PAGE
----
Commentary

Jackson's burned bridges repaired

Phil Jackson passing Pat Riley in the record books indicates mended wounds

Updated: February 4, 2010, 11:33 AM ET
By Dave McMenamin | ESPNLosAngeles.com

Phil Jackson and Pat RileyVictor Baldizon/NBAE/Getty ImagesCurrent Lakers coach Phil Jackson and then-Heat coach Pat Riley shared a laugh before a game on Dec. 25, 2005, in Miami.
When Phil Jackson left the Lakers in 2004, ending his five-year, three-championship run in L.A., he didn't just slam the door behind him; he burned the bridge that led to the door.

And "burning" doesn't even properly describe it. He blew that thing up, "Bridge On The River Kwai" style.

That unceremonious departure makes it even more unbelievable that Jackson passed Pat Riley as the head of the class in Lakers victories with a 99-97 win over the Bobcats on Wednesday. It was Jackson's 534th victory as a Laker.

When he exited in '04, he had his 545 wins in Chicago, making him the winningest coach in Bulls history, but he would have to hold off on Hollywood. Passing Riley seemed out of the question.

But as you read this today, Jackson, the maverick "Zen Master," is ahead of Riley, the homegrown head honcho of the Showtime era.

Riley's record was supposed to be as unattainable for Jackson as Shaq seeing any set of digits lower than 300 when he steps on a scale.

"When the Lakers made the monumental switch after the season, there wasn't any hint in my mind that I'd ever be back coaching this team again," Jackson said. "That's miraculous in itself."

It wasn't even six months after his June departure that Jackson released his tell-all book, "The Last Season," in October of that year. It was written with a good-riddance type of resolve, and aired out grievances between him and ownership and revealed arguments between his players that traditionally stay trapped in the locker room.

That type of tale had been told by former coaches and players before, but it usually occurred when all the principal characters had long since retired. You don't talk about all your star player's warts and expect to ever see him face to face in a huddle again.

In the book, Jackson wrote that at one point, he told general manager Mitch Kupchak, "I won't coach this team next year if [Kobe Bryant] is still here. He won't listen to anyone. I've had it with this kid."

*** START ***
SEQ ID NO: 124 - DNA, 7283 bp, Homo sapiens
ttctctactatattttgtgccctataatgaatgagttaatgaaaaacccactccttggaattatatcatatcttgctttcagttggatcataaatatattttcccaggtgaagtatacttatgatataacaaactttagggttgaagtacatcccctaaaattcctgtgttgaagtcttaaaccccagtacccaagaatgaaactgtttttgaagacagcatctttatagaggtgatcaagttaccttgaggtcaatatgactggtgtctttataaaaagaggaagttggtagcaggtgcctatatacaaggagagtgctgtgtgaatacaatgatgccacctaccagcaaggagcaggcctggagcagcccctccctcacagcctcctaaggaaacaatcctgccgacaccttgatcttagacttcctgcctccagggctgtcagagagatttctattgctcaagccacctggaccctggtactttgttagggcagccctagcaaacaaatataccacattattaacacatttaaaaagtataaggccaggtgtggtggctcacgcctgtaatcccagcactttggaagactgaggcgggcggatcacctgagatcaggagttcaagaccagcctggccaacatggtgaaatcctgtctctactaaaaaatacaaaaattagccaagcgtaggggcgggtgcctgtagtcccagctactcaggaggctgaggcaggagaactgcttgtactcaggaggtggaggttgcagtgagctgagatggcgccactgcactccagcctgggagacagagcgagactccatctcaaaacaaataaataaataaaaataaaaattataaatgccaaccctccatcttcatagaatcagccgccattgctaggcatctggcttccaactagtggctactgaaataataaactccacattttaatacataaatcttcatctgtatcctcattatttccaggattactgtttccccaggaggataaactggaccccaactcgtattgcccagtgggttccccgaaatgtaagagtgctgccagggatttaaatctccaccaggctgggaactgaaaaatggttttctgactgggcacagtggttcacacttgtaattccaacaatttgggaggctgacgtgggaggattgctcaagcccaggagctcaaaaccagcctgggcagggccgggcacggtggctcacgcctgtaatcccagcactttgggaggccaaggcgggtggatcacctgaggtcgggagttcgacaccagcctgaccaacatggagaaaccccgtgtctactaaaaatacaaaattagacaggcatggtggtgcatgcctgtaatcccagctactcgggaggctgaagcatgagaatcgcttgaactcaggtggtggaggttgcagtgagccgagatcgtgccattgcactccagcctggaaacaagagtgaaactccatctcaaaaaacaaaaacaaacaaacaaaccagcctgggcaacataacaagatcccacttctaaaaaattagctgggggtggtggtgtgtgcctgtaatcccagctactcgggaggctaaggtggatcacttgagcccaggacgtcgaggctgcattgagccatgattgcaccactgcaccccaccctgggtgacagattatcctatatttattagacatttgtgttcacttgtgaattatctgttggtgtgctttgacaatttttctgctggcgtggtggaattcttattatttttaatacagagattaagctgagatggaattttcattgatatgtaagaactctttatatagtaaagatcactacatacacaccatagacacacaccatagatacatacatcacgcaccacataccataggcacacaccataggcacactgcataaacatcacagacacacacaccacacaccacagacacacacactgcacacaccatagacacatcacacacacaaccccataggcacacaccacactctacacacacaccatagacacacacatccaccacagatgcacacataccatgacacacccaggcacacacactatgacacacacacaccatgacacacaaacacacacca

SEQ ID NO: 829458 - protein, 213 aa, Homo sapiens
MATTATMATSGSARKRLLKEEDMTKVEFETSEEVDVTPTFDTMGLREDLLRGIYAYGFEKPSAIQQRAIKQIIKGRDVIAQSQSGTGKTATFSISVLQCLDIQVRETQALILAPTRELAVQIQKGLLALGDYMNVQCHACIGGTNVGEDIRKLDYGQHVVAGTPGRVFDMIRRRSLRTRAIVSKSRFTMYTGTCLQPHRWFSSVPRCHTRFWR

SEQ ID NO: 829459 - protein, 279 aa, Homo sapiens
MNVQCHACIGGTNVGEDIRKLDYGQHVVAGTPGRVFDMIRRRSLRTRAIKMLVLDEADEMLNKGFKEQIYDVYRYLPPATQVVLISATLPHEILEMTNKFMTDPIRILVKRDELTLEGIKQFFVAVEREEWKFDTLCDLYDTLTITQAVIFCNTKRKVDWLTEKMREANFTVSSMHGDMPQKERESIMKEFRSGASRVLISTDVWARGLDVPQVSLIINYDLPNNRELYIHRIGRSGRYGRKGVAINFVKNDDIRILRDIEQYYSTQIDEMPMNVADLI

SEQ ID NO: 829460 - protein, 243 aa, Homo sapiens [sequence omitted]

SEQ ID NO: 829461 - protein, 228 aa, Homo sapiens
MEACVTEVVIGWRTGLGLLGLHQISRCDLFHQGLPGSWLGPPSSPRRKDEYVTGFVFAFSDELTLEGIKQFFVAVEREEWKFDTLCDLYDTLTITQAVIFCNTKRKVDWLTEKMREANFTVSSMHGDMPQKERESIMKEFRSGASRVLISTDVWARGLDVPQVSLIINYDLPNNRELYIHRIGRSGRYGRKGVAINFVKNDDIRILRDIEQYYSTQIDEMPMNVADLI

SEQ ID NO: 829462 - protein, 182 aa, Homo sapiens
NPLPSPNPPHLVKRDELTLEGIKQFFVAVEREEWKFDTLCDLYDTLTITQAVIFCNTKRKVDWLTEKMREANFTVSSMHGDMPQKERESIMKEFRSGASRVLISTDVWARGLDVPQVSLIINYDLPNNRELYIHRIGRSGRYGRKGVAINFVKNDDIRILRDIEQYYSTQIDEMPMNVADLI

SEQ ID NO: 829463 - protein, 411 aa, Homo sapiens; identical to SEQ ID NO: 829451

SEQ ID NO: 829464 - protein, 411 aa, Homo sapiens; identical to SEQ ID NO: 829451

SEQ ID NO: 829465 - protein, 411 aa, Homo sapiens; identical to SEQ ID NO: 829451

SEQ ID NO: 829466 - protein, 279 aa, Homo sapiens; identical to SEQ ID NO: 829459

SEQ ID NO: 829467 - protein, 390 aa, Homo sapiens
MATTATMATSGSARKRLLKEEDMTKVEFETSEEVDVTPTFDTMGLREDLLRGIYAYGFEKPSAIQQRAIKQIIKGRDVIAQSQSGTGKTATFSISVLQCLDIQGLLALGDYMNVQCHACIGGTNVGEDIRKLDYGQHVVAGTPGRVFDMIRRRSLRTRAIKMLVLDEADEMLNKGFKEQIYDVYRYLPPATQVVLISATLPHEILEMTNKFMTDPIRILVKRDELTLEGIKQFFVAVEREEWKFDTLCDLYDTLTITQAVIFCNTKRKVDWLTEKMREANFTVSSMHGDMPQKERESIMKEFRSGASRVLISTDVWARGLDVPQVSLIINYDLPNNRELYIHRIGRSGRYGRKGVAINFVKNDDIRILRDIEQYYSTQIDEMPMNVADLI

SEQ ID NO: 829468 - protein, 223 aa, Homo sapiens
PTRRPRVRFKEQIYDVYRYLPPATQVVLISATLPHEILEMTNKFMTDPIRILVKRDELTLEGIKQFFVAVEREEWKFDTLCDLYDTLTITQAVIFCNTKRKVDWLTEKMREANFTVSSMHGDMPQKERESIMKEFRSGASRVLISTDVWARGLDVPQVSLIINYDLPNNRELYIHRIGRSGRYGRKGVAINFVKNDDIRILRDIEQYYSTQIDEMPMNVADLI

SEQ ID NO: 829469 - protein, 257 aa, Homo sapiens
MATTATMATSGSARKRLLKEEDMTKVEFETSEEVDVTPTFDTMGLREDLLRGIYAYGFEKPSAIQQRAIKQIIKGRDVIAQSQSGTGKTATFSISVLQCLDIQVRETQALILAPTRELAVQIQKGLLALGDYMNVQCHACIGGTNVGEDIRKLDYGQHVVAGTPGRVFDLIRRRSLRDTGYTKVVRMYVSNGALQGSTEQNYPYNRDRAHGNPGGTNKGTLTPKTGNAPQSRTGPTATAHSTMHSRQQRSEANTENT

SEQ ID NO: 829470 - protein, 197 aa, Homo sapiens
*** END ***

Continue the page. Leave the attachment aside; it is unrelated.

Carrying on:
Well, he's coached him again.

He's coached him to 247 more regular-season victories, and he's coached him to championship No. 4 together.

That championship resulted in a number that mattered much more to Jackson than 534 ever will. This past June in Orlando, Fla., he wore a yellow baseball cap with a purple Roman numeral "X" on it to represent his 10 titles passing Red Auerbach's record of nine. There was no special hat Wednesday.

The fact that Jackson relishes rings with the same Gollum-like obsession as Bryant is what saved their relationship.

"He coaches for one reason, and that's to win," said Derek Fisher, who has been with the Lakers for both phases of Jackson. "I think Phil as well as Kobe are so focused on winning and being the best that different things that come up aren't really going to stand in the way in what the ultimate goal is. ... I think they both have done an unbelievable job of putting whatever has kind of gotten in front, and what people would maybe consider getting in the way of their success, they've both kind of pushed those things aside and continued to push their way to the top of the list in their respective categories."

After the divorce, Kobe and Phil have reconciled to the point that the numbers suggest they're the greatest couple, coach and player, in Lakers history.

Wednesday night started with Bryant being presented with a commemorative basketball by Jerry West to honor his passing West as the franchise's all-time leading scorer. It ended with Jackson giving a courtside interview over the P.A. system to address his achievement.

And when Jackson addressed the Staples Center crowd, he quickly changed the focus from his wins record to the next number that matters to him: 11.

"We have another championship out there to attain," Jackson's gravelly voice boomed over the sound system. "It's about doing it now, just getting this thing done this year and winning the championship."

Jackson has never chosen the conventional route along his journey, and he's known as a bit of an outcast in the coaching community because of it. Yet after the game, Charlotte's Larry Brown, a coaches' coach if there ever was one, said without solicitation, "This guy has done a remarkable job. ... We all have a lot of respect for him."

After Jackson sat out the 2004-05 campaign, his "last season" has been followed by five more.

"I think that's all the administration," Jackson said. "Kudos go to [Lakers vice president of business operations] Jeanie Buss in that regard. She ventured to say that she had fertilized the ground and that the seeds had been planted, and when I came back from Tahiti, Bora Bora or wherever I was out there in the South Pacific, there was a lot of groundswell behind that."

The seeds have grown, and flowers don't wilt when they're winning.

Dave McMenamin covers the Lakers for ESPNLosAngeles.com

SPONSORED HEADLINES

MORE NBA HEADLINES